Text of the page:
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LATINX IN BUSINESS: Latinx and Entrepreneurship in the US

Are you involved in business (or intend to be) in the United States? Do you have any idea how the market treats a Latinx entrepreneur?

In this series of posts in which we are using data from the Hispanic Wealth Project survey, we are excited to present the Latin entrepreneur market in numbers, as we have already done with Latinx community and real estate market.

The Hispanic Wealth Project spearheaded the research with the aim of using the data to benefit the Latinx community in growing their wealth through housing, entrepreneurship and investment banking.

One of the project’s goals is to increase the wealth generated by small businesses by increasing the number of Latinx-owned employers to 400,000 or more.

Entrepreneurship

Hispanics are about a third of the way to meeting the HWP’s target of increasing Hispanic-owned employer firms to 400,000 or more. This goal is based on the premise that companies with employees are exponentially more likely to be scalable companies (those that generate more than 1 million in annual revenue) than those without employees. In 2018, there were 331,625 Latinx-owned employing businesses in the US, a 3% increase from the previous year.

Business with Latinx employers account for 5.8% of all business with employers and earn about $455.6 billion in annual revenue. Latinx-employing businesses employ 3 million people, an increase of nearly 100,000 from the previous year.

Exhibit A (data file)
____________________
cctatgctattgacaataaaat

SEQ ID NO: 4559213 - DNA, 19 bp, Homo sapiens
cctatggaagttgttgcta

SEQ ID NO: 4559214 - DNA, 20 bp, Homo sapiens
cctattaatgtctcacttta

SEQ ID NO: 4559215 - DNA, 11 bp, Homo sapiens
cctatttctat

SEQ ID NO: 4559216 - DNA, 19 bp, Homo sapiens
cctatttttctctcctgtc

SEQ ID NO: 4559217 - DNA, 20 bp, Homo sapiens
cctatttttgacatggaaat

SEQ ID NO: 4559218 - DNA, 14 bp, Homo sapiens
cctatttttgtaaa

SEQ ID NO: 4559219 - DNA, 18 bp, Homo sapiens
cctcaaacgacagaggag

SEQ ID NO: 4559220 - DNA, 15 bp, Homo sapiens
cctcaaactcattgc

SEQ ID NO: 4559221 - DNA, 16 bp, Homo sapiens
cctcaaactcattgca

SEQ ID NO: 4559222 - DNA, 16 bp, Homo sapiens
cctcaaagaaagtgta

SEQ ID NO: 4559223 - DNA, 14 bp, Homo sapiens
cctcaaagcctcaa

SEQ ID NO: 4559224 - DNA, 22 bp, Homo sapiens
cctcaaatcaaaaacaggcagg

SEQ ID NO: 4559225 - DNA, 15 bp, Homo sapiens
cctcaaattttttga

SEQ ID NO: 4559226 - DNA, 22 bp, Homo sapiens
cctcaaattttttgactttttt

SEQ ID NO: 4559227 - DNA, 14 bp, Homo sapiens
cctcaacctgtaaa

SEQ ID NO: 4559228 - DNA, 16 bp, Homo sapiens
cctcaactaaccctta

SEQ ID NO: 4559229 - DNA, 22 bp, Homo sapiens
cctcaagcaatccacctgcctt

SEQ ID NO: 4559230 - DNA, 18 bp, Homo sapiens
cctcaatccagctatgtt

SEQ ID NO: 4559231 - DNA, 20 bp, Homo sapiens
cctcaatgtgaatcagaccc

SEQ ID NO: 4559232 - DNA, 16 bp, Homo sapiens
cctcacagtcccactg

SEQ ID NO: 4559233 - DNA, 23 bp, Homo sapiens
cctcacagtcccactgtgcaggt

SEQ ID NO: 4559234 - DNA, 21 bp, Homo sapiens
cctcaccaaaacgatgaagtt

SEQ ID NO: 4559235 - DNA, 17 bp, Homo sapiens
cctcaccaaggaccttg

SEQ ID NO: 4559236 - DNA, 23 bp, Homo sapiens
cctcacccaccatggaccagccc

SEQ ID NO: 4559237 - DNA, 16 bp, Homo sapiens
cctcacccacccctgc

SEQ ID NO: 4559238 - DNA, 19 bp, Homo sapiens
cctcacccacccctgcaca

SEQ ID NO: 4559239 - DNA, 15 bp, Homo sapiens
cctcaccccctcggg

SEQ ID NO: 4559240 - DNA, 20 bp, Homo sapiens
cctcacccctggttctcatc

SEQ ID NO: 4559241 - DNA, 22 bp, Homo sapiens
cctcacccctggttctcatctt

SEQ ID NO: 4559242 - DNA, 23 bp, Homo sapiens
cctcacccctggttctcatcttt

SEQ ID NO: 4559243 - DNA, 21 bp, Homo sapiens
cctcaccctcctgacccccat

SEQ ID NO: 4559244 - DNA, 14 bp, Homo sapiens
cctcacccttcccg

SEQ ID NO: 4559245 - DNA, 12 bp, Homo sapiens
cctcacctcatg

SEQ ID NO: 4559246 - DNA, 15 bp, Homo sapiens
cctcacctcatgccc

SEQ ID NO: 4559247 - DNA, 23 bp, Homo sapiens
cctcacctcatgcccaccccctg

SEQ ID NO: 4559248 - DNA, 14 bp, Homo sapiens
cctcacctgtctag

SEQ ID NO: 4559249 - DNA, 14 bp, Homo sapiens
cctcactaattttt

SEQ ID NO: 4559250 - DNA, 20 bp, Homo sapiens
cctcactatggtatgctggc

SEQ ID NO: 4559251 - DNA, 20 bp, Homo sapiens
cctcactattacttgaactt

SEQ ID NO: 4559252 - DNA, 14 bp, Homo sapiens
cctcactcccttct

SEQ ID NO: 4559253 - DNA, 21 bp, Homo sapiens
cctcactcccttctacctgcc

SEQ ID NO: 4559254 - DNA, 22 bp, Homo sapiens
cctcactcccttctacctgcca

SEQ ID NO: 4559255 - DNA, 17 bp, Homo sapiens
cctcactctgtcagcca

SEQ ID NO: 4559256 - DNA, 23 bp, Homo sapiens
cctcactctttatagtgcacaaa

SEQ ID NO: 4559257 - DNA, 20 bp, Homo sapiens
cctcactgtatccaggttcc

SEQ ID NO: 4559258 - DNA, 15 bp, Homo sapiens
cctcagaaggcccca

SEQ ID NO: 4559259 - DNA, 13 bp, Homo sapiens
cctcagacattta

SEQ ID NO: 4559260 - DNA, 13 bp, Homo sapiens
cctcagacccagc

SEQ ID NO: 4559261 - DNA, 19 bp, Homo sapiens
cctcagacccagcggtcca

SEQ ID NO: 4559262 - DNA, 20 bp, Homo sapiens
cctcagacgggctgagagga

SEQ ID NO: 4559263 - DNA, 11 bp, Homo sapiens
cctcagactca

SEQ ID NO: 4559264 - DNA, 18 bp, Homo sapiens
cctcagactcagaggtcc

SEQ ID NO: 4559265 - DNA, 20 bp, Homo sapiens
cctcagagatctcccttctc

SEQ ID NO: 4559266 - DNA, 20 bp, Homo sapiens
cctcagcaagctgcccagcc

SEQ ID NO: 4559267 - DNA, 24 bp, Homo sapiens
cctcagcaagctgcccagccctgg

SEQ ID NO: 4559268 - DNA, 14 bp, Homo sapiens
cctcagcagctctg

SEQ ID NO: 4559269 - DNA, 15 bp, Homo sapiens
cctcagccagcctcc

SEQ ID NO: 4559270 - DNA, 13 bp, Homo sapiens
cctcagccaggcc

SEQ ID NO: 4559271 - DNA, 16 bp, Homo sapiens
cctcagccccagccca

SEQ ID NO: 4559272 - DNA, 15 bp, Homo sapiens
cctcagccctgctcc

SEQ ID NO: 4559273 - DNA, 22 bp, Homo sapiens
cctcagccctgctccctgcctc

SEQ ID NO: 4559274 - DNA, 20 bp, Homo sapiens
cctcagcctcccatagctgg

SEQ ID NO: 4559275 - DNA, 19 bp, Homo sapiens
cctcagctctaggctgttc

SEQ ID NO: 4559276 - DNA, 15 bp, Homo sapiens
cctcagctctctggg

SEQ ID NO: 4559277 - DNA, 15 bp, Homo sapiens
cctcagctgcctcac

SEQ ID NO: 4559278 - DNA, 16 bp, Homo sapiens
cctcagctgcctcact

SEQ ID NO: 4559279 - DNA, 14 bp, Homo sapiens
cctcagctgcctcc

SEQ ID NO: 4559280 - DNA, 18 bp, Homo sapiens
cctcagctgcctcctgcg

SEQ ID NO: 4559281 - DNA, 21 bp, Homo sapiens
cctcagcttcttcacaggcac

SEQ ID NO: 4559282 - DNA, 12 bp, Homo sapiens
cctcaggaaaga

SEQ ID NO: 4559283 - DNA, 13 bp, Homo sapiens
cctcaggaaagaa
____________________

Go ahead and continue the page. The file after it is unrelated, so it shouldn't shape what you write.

LATINX ARE THE ENGINE OF BUSINESS GROWTH IN AMERICA

Latinx-owned businesses are growing faster than the general population. In 2019, 22.8% of new entrepreneurs were Latinx. Latinx-owned companies are growing at rates faster than the national average in most states and across all industries, and revenues are also growing faster than other companies.

Research shows that the Latinx’s business acumen accompanies them wherever they go. Latinx are 1.7 times more likely to be entrepreneurs than any other racial or ethnic group. Latinx-owned companies grew faster than the national average in more than 80% of US states and in 13 of the 15 industry sectors where Latinx do business.

Over the past two years, business revenue for Latinx has grown an average of 25% year over year, 32% faster than revenue for non-Latinx White companies.

Key sectors for Latinx business growth are critical to US infrastructure and financial services. The sectors with the fastest business growth rates for Latinx are construction (32%), finance and insurance (27%), transportation and storage (25%), and real estate (22%).

FEMALE ENTREPRENEURS

In 2019, there were 2.3 million Latina-owned businesses representing 18% of all women-owned businesses. Furthermore, these companies grew almost twice as much as other women-owned companies, at a rate of 40%.

Enterprising Latina women accounted for nearly all (93%) of the growth in overall women-owned employers between 2017 and 2018, employing nearly 700,000 people.

Employing companies that belong to Latina women are already outpacing companies that belong to Latino men; between 2017 and 2018, women’s companies grew 7.6%, while men’s grew 1.4%. More than two-thirds of the growth of Latinx employing companies can be attributed to Latina women.

RECOVERY AFTER LOCKDOWN (COVID-19)

Between February and March 2020, one in three (32%) Latinx companies had to close, a reduction of 700,000 companies.

While some companies managed to recover when restrictions on the pandemic were lifted, revenue losses were large and disproportionate for Hispanic families.